6. 6. Data sets FSF-1 <ul><li>Participants : 24 </li></ul><ul><ul><li>Civilians </li></ul></ul><ul><ul><li>Military </li></ul></ul><ul><ul><li>Contracted crew members </li></ul></ul><ul><li>Data collection period </li></ul><ul><ul><li>14th – 20th March 2007 </li></ul></ul><ul><ul><li>Transiting from San Diego to Panama Canal Zone </li></ul></ul><ul><li>Sea State </li></ul><ul><ul><li>3 to 5 </li></ul></ul>21/06/10 <ul><li>Main characteristics </li></ul><ul><ul><li>Missions: ASW-SUW-MIW </li></ul></ul><ul><ul><li>Length: 262 ft </li></ul></ul><ul><ul><li>Full load: 1670 tn </li></ul></ul><ul><ul><li>Speed : 50 kts </li></ul></ul><ul><ul><li>Crew: 26 </li></ul></ul><ul><ul><li>Range: 4400 nm </li></ul></ul>
    7. 7. Results HSV-2 Swift 21/06/10 Activity and motion vs time on HSV-2 SWIFT Mean daily activity level vs induced motion
    8. 8. Results FSF-1 Sea Fighter 21/06/10 Activity and motion vs time on FSF-1 Mean daily activity level vs induced motion Standard deviation of daily activity level vs induced motion
    9. 9. Discussion 21/06/10 Factors probably involved in personnel decreased activity (a tickmark denotes a possible effect) <ul><li>WAMs to measure motion </li></ul><ul><li>Stressors </li></ul><ul><ul><li>Occupational </li></ul></ul><ul><ul><ul><li>Assigned duties and activities, timing of tasks, etc </li></ul></ul></ul><ul><ul><li>Non-occupational </li></ul></ul><ul><ul><ul><li>Environmental </li></ul></ul></ul><ul><ul><ul><li>Psychological </li></ul></ul></ul><ul><li>Systematic trends (identified) </li></ul><ul><ul><li>Time </li></ul></ul><ul><ul><li>Motion </li></ul></ul>[a] McCauley, M. E., Matsangas, P., & Miller, N. L. (2005). Motion and fatigue study in High Speed Vessel operations: Phase 1 report . Monterey, CA: Naval Postgraduate School. [b] McCauley, M. E., Pierce, E. C., Matsangas, P., Price, B., LaBreque, J., & Blankenship, J. (2007). Vessel Motion Effects on Human Performance aboard the FSF-1 Sea Fighter (Technical Report). Monterey, California, USA: Naval Postgraduate School and NSWC PC [c] Johnston, J. M. (2009). An Activity-Based Non-Linear Regression Model of Sopite Syndrome and its Effects on Crew Performance in High-Speed Vessel Operations. Naval Postgraduate School, Monterey, CA. Factors HSV-2 [a] FSF-1 [b] FSF-1 [c] Sleep deprivation   NA Motion induced fatigue    Motion sickness/ Sopite syndrome    Biodynamic interference  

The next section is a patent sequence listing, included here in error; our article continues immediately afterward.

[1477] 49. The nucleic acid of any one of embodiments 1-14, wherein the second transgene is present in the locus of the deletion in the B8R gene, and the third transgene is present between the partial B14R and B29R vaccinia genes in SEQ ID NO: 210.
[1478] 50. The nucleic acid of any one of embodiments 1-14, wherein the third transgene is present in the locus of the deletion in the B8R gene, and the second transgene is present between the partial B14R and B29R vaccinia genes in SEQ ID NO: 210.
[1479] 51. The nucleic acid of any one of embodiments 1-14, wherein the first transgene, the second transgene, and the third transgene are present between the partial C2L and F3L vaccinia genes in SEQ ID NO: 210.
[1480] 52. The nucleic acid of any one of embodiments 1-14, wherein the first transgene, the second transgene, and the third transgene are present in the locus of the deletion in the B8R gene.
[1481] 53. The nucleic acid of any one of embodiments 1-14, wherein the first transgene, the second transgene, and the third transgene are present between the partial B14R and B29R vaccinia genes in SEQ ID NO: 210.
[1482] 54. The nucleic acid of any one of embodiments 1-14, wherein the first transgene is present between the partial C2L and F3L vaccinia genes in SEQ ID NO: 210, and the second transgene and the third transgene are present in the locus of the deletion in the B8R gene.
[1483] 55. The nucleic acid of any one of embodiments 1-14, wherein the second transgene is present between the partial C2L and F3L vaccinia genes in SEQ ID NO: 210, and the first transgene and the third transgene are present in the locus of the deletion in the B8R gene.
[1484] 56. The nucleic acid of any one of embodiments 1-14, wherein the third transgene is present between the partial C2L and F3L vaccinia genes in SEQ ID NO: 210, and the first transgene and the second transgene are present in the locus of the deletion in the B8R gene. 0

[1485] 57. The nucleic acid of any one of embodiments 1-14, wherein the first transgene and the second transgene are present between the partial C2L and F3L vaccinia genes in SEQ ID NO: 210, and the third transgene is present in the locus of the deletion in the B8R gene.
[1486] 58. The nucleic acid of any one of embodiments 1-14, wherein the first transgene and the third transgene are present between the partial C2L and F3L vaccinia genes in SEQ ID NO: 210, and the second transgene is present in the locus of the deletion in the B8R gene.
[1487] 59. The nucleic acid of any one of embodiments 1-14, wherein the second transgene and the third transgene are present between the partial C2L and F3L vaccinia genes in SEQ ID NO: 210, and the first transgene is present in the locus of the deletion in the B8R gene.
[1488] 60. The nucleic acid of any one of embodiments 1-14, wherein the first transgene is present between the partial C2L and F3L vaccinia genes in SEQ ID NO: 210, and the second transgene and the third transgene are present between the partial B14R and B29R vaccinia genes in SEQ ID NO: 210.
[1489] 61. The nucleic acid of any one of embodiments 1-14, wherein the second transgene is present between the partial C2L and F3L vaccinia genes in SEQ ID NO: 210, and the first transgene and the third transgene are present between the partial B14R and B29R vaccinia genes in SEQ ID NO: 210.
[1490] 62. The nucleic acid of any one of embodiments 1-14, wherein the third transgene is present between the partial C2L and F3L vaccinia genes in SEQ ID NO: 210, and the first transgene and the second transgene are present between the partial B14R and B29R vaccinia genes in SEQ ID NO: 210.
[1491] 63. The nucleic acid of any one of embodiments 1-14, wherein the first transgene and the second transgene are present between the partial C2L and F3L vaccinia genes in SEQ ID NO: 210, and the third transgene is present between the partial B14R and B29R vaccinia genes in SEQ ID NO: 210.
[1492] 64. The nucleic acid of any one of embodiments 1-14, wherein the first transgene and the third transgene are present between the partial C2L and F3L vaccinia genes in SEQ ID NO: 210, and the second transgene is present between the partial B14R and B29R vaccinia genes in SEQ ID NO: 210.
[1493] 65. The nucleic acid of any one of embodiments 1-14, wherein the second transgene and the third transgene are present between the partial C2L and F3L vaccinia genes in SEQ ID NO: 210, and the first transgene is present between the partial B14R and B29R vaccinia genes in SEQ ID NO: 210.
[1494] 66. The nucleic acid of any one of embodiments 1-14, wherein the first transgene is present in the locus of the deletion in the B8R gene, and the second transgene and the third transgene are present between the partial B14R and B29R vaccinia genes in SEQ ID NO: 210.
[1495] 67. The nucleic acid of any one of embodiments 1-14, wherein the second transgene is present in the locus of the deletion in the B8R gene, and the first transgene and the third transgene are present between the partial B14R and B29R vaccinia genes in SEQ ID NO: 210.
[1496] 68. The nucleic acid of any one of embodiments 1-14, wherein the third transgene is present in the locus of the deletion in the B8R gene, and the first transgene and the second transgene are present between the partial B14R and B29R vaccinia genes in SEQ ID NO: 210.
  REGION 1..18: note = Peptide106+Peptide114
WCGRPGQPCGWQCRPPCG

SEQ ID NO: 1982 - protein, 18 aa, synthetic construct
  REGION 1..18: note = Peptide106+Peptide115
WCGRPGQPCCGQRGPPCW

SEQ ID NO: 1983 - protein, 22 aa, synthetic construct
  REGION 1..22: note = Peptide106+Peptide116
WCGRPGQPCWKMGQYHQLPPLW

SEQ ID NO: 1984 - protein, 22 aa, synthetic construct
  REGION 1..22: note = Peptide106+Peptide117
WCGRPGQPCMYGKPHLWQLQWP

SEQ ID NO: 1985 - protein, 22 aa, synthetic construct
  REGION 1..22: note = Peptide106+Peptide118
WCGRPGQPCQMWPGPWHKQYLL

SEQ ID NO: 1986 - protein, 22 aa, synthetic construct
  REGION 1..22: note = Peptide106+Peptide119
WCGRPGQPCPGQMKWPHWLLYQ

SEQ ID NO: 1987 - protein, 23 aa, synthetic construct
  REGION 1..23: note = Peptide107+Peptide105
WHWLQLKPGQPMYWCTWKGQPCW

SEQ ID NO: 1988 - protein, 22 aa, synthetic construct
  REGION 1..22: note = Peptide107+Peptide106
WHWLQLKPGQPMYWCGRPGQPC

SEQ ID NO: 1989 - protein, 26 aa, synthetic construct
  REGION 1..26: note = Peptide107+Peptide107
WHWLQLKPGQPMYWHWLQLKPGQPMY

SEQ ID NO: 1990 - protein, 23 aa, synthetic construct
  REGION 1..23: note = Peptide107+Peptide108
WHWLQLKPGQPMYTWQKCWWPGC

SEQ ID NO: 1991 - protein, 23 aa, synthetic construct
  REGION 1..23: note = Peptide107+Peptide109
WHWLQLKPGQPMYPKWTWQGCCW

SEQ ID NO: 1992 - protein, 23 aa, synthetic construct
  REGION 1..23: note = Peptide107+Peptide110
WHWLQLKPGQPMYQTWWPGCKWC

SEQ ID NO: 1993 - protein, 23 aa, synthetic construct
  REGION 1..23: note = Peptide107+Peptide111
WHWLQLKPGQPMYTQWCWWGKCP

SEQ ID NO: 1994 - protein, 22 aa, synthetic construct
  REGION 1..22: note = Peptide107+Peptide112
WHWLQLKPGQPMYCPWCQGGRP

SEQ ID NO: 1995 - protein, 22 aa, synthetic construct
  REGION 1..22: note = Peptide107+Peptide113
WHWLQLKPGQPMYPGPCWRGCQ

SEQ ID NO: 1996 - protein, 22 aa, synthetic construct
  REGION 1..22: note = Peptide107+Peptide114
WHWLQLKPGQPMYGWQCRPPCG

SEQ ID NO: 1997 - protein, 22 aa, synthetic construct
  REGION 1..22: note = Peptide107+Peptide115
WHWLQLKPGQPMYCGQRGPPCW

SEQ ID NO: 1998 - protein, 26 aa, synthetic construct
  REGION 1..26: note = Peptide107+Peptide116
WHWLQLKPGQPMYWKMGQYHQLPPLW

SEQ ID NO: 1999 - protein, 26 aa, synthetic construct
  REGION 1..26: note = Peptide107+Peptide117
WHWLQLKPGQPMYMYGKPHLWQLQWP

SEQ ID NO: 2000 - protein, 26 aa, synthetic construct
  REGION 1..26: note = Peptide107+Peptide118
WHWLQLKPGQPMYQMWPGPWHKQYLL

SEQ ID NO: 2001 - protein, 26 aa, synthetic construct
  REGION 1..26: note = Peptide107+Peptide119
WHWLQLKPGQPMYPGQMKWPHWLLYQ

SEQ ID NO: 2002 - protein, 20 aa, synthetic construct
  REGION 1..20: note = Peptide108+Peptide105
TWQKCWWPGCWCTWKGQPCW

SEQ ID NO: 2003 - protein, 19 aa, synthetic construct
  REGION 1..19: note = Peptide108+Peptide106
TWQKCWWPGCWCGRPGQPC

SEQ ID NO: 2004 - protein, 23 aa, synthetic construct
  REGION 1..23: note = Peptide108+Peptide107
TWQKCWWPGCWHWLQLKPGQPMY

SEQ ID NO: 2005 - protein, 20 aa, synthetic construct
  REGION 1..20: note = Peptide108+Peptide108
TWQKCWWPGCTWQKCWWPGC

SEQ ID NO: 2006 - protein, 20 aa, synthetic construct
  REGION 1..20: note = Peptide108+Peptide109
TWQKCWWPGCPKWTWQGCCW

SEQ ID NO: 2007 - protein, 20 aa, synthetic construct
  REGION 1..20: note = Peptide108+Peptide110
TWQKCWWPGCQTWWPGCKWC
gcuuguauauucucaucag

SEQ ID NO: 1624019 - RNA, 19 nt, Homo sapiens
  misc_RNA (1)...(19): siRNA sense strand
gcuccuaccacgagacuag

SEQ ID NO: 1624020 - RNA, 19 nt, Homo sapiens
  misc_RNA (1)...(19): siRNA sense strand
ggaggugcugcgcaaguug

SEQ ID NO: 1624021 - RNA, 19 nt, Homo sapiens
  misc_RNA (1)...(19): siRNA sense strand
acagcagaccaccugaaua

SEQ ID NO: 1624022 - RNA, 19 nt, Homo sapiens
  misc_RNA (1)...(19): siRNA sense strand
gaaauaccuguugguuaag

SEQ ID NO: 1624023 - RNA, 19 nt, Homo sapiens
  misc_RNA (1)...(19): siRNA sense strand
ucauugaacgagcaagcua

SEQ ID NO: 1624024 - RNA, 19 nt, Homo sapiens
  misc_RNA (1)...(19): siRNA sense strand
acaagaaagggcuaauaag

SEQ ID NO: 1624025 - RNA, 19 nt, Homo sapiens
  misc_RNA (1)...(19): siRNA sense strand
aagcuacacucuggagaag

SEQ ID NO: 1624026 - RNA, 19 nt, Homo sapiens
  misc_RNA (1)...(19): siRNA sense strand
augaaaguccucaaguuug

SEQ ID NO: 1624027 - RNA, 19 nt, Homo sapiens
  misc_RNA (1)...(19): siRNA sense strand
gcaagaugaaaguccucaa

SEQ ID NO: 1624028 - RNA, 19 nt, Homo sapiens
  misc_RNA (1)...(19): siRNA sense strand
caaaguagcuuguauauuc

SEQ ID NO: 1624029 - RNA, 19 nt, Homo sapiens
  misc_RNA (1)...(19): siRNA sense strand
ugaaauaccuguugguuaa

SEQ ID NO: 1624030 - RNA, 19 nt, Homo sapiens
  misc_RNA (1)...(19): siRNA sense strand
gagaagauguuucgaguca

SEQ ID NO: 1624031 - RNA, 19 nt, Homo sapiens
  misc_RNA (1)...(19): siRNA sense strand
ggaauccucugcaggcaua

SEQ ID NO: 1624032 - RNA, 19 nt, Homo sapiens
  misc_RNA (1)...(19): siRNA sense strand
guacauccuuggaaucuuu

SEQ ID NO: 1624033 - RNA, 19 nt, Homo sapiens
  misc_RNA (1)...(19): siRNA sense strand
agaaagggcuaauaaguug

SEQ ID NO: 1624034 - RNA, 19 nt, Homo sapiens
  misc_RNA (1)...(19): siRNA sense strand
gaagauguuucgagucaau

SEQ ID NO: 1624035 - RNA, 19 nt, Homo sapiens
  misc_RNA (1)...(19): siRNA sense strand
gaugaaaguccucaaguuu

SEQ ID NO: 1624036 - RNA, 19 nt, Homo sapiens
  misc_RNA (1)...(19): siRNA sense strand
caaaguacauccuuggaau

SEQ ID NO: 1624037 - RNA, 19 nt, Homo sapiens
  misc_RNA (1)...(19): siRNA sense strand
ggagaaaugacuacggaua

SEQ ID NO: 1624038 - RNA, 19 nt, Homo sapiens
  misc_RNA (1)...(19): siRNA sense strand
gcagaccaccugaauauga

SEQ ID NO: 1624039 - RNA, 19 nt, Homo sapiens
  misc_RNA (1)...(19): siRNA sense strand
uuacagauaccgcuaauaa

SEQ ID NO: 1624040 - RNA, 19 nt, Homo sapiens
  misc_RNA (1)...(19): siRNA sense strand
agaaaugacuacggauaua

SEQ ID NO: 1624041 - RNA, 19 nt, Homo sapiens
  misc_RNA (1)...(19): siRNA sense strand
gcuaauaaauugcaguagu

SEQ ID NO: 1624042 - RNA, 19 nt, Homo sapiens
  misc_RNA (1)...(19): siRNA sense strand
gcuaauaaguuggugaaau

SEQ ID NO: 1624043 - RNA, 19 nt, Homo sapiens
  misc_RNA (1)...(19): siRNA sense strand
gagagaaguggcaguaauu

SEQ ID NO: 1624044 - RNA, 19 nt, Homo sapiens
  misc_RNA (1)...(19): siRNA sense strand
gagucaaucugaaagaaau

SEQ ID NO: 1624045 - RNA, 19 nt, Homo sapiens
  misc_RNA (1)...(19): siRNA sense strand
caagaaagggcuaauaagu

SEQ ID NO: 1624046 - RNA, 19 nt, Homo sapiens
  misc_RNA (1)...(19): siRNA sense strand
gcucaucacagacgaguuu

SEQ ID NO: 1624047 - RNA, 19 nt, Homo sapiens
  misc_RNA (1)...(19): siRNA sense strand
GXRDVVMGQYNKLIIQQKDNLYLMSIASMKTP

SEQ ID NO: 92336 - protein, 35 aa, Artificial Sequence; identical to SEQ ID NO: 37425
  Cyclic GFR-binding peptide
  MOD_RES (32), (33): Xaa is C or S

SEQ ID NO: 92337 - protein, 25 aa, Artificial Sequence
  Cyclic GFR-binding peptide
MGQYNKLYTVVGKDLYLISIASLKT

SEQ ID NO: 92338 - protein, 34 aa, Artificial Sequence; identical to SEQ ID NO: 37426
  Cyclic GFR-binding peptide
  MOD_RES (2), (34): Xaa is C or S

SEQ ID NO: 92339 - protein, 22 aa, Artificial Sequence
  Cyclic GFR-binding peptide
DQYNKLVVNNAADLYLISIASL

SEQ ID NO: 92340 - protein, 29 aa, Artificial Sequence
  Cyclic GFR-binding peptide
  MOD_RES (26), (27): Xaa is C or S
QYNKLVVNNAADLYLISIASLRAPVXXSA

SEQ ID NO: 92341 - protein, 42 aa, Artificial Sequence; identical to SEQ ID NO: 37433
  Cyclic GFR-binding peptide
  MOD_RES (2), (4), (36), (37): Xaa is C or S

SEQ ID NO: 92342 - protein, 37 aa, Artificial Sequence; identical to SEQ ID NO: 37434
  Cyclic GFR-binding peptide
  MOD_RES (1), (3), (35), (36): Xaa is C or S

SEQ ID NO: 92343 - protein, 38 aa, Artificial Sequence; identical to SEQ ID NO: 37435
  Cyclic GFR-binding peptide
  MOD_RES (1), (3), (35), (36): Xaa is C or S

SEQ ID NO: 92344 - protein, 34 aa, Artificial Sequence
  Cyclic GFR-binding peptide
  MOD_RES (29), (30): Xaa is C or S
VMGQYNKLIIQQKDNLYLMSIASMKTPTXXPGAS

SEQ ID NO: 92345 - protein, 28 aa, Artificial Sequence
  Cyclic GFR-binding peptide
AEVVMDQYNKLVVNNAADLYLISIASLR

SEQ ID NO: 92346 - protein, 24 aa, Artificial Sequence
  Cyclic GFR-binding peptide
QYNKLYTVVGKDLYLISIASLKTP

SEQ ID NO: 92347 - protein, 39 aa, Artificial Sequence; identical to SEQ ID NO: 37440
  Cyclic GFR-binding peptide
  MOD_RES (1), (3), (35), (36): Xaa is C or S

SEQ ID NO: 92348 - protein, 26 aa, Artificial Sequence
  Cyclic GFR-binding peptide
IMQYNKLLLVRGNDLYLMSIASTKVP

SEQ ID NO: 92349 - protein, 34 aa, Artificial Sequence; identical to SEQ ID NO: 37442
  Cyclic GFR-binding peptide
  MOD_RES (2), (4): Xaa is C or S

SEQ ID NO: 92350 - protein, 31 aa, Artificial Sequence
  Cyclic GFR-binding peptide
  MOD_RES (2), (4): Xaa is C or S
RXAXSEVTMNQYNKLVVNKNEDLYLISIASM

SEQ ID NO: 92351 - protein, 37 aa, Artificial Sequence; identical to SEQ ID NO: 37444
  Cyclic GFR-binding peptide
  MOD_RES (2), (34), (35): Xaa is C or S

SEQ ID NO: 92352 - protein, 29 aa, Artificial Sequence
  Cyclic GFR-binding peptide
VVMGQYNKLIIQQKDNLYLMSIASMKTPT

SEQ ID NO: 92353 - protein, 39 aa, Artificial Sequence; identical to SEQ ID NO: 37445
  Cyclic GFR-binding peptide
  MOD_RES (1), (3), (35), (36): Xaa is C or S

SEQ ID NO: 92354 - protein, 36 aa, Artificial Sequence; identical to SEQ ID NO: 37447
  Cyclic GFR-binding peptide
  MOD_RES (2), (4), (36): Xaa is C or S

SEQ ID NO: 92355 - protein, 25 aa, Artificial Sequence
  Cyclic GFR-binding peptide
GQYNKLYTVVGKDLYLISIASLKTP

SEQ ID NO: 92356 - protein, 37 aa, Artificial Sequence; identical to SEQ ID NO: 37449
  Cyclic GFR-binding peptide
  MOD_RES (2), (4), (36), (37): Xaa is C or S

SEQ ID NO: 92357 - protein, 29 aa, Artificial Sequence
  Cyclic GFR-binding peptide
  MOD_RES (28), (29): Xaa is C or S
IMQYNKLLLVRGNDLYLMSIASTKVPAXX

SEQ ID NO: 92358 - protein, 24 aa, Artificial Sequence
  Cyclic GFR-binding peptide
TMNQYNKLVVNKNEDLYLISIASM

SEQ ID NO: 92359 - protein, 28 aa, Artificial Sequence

10. 10. Conclusions <ul><li>Physical activity decrement </li></ul><ul><ul><li>Time (days underway) (Johnston (2009) </li></ul></ul><ul><ul><li>Motion (provoking) </li></ul></ul><ul><li>Future work </li></ul><ul><ul><li>More data – More analysis </li></ul></ul><ul><ul><li>Verify time / motion processes </li></ul></ul><ul><ul><ul><li>Increase external validity </li></ul></ul></ul><ul><ul><li>Identify </li></ul></ul><ul><ul><ul><li>Other factors/processes </li></ul></ul></ul><ul><ul><ul><li>Interactions </li></ul></ul></ul><ul><ul><li>Develop model </li></ul></ul><ul><ul><li>Understand what we found!!! </li></ul></ul>21/06/10 36% - 41%